1. If no one shows up for Mass, the priest can continue serving alone; in the EO/OO tradition, there must be at least 1-2 others present for Liturgy, if not more. 

This is a myth.  No faithful priest of the Catholic Church will say mass without at least one other there.

Many times, years ago, I would run late to a 7am mass only to arrive and find Father in the sacristy removing his vestments and getting ready to go to his office because no one else was there.

The only time a "private" liturgy is permitted by the bishop is with retired priests who are essentially shut-ins...and even then the retired priest will most often time the liturgy so that the fellows from the breakfast club or the checker club or the poker club can be there with him.

So you need to revisit this particular assertion...or presumption...or assumption.

M.
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« Reply #10 on: January 05, 2012, 08:45:19 AM »

Three "advantages" (from their POV) that the RC's have in this regard:
1. If no one shows up for Mass, the priest can continue serving alone; in the EO/OO tradition, there must be at least 1-2 others present for Liturgy, if not more. 

This is a myth.  No faithful priest of the Catholic Church will say mass without at least one other there.

Many times, years ago, I would run late to a 7am mass only to arrive and find Father in the sacristy removing his vestments and getting ready to go to his office because no one else was there.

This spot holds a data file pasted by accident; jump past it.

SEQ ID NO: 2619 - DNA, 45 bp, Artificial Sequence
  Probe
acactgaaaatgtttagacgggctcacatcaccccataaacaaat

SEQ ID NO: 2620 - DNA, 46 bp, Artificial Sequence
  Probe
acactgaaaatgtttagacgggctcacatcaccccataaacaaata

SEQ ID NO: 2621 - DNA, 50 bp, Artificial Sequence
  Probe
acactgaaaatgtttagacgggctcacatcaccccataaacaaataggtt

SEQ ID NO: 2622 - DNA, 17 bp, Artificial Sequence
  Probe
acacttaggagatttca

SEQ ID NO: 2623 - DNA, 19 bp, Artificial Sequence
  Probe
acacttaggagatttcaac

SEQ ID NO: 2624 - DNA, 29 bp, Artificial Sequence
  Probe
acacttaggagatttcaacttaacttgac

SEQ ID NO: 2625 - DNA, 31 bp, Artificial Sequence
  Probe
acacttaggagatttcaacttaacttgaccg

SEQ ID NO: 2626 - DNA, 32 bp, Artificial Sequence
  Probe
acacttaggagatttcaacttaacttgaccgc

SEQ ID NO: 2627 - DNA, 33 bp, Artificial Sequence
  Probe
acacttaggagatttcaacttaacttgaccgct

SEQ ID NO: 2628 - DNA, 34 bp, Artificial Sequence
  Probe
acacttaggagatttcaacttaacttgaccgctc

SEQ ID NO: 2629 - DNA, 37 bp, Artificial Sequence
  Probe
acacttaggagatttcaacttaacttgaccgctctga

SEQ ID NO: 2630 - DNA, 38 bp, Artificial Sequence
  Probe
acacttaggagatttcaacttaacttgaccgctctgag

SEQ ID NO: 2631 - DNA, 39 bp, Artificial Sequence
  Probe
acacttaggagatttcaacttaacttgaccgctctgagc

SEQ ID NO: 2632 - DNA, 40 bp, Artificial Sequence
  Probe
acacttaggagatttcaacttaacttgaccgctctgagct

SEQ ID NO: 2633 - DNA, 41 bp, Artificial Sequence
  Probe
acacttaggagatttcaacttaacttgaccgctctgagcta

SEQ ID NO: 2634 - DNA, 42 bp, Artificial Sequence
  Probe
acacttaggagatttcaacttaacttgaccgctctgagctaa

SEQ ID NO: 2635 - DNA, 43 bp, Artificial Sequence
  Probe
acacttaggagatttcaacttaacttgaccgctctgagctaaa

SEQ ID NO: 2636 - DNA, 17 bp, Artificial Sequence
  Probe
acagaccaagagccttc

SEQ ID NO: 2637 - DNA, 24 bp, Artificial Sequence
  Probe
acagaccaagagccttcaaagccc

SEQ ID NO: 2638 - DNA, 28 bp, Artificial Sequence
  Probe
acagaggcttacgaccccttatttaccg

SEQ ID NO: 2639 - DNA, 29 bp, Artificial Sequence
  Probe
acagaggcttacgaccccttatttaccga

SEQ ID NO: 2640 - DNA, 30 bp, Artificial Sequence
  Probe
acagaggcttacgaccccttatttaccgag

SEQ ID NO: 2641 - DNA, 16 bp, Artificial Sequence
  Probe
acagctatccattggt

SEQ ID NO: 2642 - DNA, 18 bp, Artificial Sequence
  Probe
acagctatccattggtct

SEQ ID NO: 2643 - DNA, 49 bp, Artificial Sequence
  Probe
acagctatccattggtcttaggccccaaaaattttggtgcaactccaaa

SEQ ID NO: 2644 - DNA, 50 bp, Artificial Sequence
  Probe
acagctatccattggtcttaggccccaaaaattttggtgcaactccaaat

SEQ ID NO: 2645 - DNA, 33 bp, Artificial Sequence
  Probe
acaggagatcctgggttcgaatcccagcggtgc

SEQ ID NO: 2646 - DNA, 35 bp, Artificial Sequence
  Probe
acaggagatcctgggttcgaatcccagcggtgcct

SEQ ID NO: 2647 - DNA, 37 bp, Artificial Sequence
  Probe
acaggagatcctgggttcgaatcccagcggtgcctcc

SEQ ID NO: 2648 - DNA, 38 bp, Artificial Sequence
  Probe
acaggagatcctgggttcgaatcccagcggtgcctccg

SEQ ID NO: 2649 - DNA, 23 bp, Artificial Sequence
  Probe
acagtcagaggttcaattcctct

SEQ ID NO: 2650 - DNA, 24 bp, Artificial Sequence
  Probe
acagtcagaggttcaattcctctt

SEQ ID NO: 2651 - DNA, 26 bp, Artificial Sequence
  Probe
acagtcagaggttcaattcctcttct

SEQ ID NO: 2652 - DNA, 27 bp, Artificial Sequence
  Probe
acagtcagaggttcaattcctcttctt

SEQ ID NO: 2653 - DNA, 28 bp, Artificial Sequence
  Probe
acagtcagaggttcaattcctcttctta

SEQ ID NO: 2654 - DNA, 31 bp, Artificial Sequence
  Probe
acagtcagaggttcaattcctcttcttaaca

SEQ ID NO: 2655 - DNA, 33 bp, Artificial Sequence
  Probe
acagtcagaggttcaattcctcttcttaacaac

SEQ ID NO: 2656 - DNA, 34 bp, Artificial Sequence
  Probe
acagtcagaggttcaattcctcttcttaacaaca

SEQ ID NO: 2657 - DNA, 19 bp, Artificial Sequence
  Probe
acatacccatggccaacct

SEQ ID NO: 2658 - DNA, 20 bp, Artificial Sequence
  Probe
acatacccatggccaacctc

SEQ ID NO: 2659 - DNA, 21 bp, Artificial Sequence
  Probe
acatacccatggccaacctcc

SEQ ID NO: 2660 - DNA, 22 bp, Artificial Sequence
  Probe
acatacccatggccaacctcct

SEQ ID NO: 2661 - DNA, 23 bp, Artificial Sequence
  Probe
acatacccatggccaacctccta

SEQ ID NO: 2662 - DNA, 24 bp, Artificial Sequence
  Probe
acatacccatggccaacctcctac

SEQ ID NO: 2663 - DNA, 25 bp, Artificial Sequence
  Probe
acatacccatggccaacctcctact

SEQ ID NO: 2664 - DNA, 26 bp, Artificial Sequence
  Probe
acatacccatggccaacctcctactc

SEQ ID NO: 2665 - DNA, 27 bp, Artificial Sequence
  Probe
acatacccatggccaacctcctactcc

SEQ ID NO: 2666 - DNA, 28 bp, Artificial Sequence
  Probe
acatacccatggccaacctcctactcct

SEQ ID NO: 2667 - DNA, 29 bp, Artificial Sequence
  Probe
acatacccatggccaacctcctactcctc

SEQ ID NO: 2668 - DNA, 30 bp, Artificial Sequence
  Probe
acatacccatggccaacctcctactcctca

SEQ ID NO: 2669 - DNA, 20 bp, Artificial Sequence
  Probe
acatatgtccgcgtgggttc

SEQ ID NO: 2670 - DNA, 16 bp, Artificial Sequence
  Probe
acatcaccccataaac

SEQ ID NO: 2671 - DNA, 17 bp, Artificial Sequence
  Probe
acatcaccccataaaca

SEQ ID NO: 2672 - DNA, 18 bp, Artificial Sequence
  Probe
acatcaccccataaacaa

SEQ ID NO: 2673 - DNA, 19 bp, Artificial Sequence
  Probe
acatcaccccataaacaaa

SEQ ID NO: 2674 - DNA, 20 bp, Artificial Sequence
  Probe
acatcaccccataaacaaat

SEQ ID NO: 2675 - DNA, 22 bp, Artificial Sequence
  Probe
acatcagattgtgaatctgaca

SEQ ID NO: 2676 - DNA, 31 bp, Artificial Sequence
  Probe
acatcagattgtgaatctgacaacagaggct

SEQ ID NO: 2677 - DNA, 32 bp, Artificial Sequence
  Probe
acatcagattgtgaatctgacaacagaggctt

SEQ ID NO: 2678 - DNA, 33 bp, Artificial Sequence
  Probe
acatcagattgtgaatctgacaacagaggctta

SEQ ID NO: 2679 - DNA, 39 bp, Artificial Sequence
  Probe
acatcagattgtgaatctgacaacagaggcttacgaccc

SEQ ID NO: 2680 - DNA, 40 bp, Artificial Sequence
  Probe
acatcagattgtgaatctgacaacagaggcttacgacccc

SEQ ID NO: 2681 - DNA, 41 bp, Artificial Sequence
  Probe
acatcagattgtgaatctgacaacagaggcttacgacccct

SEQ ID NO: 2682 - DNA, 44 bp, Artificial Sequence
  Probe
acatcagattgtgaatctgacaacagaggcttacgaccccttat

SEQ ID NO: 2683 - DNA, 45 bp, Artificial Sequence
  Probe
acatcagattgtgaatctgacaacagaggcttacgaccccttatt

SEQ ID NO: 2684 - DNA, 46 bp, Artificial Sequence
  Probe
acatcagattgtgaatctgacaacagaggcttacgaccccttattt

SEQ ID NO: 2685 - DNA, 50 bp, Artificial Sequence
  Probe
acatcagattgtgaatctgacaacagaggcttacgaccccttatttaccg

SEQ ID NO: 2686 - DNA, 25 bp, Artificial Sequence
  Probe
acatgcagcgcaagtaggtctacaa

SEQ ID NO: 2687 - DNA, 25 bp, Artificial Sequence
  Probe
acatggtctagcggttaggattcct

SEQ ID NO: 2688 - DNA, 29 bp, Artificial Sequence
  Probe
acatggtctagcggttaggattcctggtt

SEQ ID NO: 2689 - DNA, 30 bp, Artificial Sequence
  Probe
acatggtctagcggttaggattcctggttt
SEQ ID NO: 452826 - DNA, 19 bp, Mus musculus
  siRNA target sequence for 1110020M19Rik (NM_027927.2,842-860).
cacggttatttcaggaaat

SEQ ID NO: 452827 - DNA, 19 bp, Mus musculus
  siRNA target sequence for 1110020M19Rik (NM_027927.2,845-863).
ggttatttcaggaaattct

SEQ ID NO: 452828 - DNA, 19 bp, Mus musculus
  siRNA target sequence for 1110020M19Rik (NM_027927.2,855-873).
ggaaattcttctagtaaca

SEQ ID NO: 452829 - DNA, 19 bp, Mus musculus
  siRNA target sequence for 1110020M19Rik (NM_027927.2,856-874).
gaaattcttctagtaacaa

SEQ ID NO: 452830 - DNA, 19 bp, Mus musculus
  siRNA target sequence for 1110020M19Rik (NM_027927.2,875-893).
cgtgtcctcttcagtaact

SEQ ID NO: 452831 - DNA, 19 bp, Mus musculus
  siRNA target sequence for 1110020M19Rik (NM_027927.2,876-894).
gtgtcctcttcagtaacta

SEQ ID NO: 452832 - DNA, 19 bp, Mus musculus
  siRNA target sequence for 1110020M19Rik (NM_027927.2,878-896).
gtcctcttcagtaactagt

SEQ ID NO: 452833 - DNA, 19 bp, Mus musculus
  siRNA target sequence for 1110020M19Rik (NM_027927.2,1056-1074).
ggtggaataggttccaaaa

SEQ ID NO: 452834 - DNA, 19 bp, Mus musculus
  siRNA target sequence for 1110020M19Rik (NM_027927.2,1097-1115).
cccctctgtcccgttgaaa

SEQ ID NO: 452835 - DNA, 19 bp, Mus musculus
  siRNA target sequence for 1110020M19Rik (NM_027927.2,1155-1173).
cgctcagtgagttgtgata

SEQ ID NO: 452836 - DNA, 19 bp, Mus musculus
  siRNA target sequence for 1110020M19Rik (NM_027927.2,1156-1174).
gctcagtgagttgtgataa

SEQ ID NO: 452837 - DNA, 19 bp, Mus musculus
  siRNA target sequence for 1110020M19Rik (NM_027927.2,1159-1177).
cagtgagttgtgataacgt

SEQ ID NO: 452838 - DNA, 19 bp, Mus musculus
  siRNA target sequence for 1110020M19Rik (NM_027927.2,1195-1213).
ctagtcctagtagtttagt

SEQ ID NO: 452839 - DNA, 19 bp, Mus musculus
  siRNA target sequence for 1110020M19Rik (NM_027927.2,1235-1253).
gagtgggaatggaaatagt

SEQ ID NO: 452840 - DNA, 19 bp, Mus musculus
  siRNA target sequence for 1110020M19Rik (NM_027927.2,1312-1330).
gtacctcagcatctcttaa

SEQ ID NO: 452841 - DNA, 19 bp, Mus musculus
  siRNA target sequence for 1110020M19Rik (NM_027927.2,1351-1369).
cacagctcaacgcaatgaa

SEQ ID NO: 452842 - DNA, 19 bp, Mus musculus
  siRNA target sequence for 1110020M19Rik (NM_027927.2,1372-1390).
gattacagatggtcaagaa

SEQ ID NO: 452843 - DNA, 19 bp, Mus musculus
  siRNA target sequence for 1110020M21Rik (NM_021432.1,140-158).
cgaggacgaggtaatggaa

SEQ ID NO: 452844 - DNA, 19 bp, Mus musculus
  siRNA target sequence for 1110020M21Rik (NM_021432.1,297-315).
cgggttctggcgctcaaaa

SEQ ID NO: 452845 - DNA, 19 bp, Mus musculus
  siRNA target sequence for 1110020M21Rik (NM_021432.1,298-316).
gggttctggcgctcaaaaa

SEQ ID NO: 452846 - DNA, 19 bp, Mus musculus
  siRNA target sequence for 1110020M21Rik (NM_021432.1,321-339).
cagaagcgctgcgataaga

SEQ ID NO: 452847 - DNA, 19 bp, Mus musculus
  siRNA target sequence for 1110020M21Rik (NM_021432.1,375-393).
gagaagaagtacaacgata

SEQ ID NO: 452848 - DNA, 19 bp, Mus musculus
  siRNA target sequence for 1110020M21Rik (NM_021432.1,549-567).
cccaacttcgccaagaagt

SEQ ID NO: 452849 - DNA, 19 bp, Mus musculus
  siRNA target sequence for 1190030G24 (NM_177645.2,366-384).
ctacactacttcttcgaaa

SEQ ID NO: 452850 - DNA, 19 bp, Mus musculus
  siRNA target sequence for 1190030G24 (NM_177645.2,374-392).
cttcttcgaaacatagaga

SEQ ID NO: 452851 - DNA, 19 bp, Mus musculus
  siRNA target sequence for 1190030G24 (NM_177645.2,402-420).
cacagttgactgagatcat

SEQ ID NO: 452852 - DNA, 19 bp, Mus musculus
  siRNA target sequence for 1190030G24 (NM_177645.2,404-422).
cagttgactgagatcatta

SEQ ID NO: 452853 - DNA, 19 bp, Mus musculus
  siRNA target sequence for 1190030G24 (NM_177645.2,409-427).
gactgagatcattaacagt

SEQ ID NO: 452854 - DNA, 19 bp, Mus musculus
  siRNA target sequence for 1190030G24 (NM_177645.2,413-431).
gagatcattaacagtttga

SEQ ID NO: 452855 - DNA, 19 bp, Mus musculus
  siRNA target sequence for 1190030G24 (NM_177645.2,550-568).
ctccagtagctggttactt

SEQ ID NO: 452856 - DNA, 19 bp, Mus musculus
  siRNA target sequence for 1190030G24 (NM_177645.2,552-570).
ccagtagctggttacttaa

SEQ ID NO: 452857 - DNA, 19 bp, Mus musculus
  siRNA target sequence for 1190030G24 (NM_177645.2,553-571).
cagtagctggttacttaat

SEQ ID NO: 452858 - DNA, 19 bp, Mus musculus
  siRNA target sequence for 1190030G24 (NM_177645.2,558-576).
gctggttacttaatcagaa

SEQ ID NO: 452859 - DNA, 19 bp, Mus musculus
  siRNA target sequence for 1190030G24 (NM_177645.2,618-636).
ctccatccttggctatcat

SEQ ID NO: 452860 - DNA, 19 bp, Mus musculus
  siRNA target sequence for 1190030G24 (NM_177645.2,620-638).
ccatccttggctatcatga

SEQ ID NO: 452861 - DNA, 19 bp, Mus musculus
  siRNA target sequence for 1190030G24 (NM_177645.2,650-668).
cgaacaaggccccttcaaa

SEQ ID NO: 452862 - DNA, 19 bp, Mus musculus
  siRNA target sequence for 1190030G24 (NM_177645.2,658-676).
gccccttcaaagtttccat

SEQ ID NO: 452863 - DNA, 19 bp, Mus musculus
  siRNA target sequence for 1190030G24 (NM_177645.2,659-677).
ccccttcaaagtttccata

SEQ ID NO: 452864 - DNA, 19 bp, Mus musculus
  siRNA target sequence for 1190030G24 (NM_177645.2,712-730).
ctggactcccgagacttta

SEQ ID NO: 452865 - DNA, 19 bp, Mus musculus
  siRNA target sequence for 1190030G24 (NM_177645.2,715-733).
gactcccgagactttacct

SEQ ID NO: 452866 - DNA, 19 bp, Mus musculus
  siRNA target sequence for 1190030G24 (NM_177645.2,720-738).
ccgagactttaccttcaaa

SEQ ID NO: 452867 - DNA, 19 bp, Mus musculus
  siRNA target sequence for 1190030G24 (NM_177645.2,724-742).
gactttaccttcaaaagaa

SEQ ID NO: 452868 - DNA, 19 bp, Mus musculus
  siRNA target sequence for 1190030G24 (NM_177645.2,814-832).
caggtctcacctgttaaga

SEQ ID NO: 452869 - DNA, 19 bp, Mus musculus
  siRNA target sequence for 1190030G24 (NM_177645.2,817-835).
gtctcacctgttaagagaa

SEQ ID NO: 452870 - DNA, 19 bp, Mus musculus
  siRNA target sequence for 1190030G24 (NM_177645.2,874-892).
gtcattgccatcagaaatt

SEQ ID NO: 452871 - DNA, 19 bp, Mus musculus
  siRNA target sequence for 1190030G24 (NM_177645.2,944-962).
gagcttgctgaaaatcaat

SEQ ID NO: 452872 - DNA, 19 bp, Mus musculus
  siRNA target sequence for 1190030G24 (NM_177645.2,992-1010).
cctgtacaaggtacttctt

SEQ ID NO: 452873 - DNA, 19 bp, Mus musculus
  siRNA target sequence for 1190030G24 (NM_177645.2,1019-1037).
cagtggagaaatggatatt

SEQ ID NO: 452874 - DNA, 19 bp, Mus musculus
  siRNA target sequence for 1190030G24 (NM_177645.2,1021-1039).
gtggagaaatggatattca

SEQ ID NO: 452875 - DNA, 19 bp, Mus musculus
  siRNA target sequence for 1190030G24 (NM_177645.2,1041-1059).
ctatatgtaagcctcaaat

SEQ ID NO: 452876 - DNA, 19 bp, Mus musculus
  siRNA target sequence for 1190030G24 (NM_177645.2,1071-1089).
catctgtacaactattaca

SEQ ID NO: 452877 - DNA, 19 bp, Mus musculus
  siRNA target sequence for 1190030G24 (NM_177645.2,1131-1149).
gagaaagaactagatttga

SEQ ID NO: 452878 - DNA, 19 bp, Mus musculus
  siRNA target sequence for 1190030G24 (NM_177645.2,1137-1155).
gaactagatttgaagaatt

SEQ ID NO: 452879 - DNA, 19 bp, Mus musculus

The only time a "private" liturgy is permitted by the bishop is with retired priests who are essentially shut-ins...and even then the retired priest will most often time the liturgy so that the fellows from the breakfast club or the checker club or the poker club can be there with him.

So you need to revisit this particular assertion...or presumption...or assumption.

M.

This may be true now but Priests at least before the reformation said private Masses all the time. And there are currently some confraternities of Priests that say Mass for the souls in purgatory every day whether there are people there or not.
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« Reply #11 on: January 05, 2012, 11:23:11 AM »

Our parish has daily Divine Liturgies.
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« Reply #12 on: January 05, 2012, 11:33:44 AM »

Our parish has daily Divine Liturgies.
Very cool. Where in Dixie is this?

I know of several parishes that serve daily Matins or Vespers (or both), and — if I lived close enough — I would probably attend a couple of times a week. For me, just participating in the corporate prayers of the Church is often enough, and though I believe in communing more than four times a year, I don’t feel the need to receive every time I step in a church.
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« Reply #13 on: January 05, 2012, 12:57:26 PM »

This is a myth.  No faithful priest of the Catholic Church will say mass without at least one other there.

Many times, years ago, I would run late to a 7am mass only to arrive and find Father in the sacristy removing his vestments and getting ready to go to his office because no one else was there.

The only time a "private" liturgy is permitted by the bishop is with retired priests who are essentially shut-ins...and even then the retired priest will most often time the liturgy so that the fellows from the breakfast club or the checker club or the poker club can be there with him.

So you need to revisit this particular assertion...or presumption...or assumption.